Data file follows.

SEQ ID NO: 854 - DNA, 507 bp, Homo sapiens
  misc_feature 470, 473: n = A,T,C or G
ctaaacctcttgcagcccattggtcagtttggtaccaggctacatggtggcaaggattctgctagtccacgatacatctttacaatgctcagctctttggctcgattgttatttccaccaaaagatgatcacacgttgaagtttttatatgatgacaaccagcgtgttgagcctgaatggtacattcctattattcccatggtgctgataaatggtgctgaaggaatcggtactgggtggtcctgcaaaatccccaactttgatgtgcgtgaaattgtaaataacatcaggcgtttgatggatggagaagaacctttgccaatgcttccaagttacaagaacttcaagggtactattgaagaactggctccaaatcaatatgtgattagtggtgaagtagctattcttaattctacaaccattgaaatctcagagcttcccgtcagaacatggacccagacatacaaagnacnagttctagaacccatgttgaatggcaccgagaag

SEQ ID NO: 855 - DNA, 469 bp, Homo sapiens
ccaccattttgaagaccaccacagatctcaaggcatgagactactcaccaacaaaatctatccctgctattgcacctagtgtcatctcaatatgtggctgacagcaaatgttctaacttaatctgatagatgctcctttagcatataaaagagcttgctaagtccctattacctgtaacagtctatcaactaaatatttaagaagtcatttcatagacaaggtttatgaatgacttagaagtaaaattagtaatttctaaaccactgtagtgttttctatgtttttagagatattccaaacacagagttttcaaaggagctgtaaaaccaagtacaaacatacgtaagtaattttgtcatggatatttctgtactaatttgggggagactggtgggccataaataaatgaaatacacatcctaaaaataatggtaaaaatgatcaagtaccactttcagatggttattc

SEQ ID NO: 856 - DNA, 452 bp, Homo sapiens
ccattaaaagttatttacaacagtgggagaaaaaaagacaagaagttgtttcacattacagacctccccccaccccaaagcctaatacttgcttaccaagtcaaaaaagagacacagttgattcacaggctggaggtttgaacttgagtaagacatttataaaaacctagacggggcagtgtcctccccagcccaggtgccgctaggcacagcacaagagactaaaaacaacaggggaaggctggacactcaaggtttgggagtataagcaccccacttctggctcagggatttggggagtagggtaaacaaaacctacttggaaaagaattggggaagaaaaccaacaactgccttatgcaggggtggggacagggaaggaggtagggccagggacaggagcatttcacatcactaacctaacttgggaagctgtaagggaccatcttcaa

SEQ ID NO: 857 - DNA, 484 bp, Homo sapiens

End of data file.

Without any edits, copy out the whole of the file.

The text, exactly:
SEQ ID NO: 854 - DNA, 507 bp, Homo sapiens
  misc_feature 470, 473: n = A,T,C or G
ctaaacctcttgcagcccattggtcagtttggtaccaggctacatggtggcaaggattctgctagtccacgatacatctttacaatgctcagctctttggctcgattgttatttccaccaaaagatgatcacacgttgaagtttttatatgatgacaaccagcgtgttgagcctgaatggtacattcctattattcccatggtgctgataaatggtgctgaaggaatcggtactgggtggtcctgcaaaatccccaactttgatgtgcgtgaaattgtaaataacatcaggcgtttgatggatggagaagaacctttgccaatgcttccaagttacaagaacttcaagggtactattgaagaactggctccaaatcaatatgtgattagtggtgaagtagctattcttaattctacaaccattgaaatctcagagcttcccgtcagaacatggacccagacatacaaagnacnagttctagaacccatgttgaatggcaccgagaag

SEQ ID NO: 855 - DNA, 469 bp, Homo sapiens
ccaccattttgaagaccaccacagatctcaaggcatgagactactcaccaacaaaatctatccctgctattgcacctagtgtcatctcaatatgtggctgacagcaaatgttctaacttaatctgatagatgctcctttagcatataaaagagcttgctaagtccctattacctgtaacagtctatcaactaaatatttaagaagtcatttcatagacaaggtttatgaatgacttagaagtaaaattagtaatttctaaaccactgtagtgttttctatgtttttagagatattccaaacacagagttttcaaaggagctgtaaaaccaagtacaaacatacgtaagtaattttgtcatggatatttctgtactaatttgggggagactggtgggccataaataaatgaaatacacatcctaaaaataatggtaaaaatgatcaagtaccactttcagatggttattc

SEQ ID NO: 856 - DNA, 452 bp, Homo sapiens
ccattaaaagttatttacaacagtgggagaaaaaaagacaagaagttgtttcacattacagacctccccccaccccaaagcctaatacttgcttaccaagtcaaaaaagagacacagttgattcacaggctggaggtttgaacttgagtaagacatttataaaaacctagacggggcagtgtcctccccagcccaggtgccgctaggcacagcacaagagactaaaaacaacaggggaaggctggacactcaaggtttgggagtataagcaccccacttctggctcagggatttggggagtagggtaaacaaaacctacttggaaaagaattggggaagaaaaccaacaactgccttatgcaggggtggggacagggaaggaggtagggccagggacaggagcatttcacatcactaacctaacttgggaagctgtaagggaccatcttcaa

SEQ ID NO: 857 - DNA, 484 bp, Homo sapiens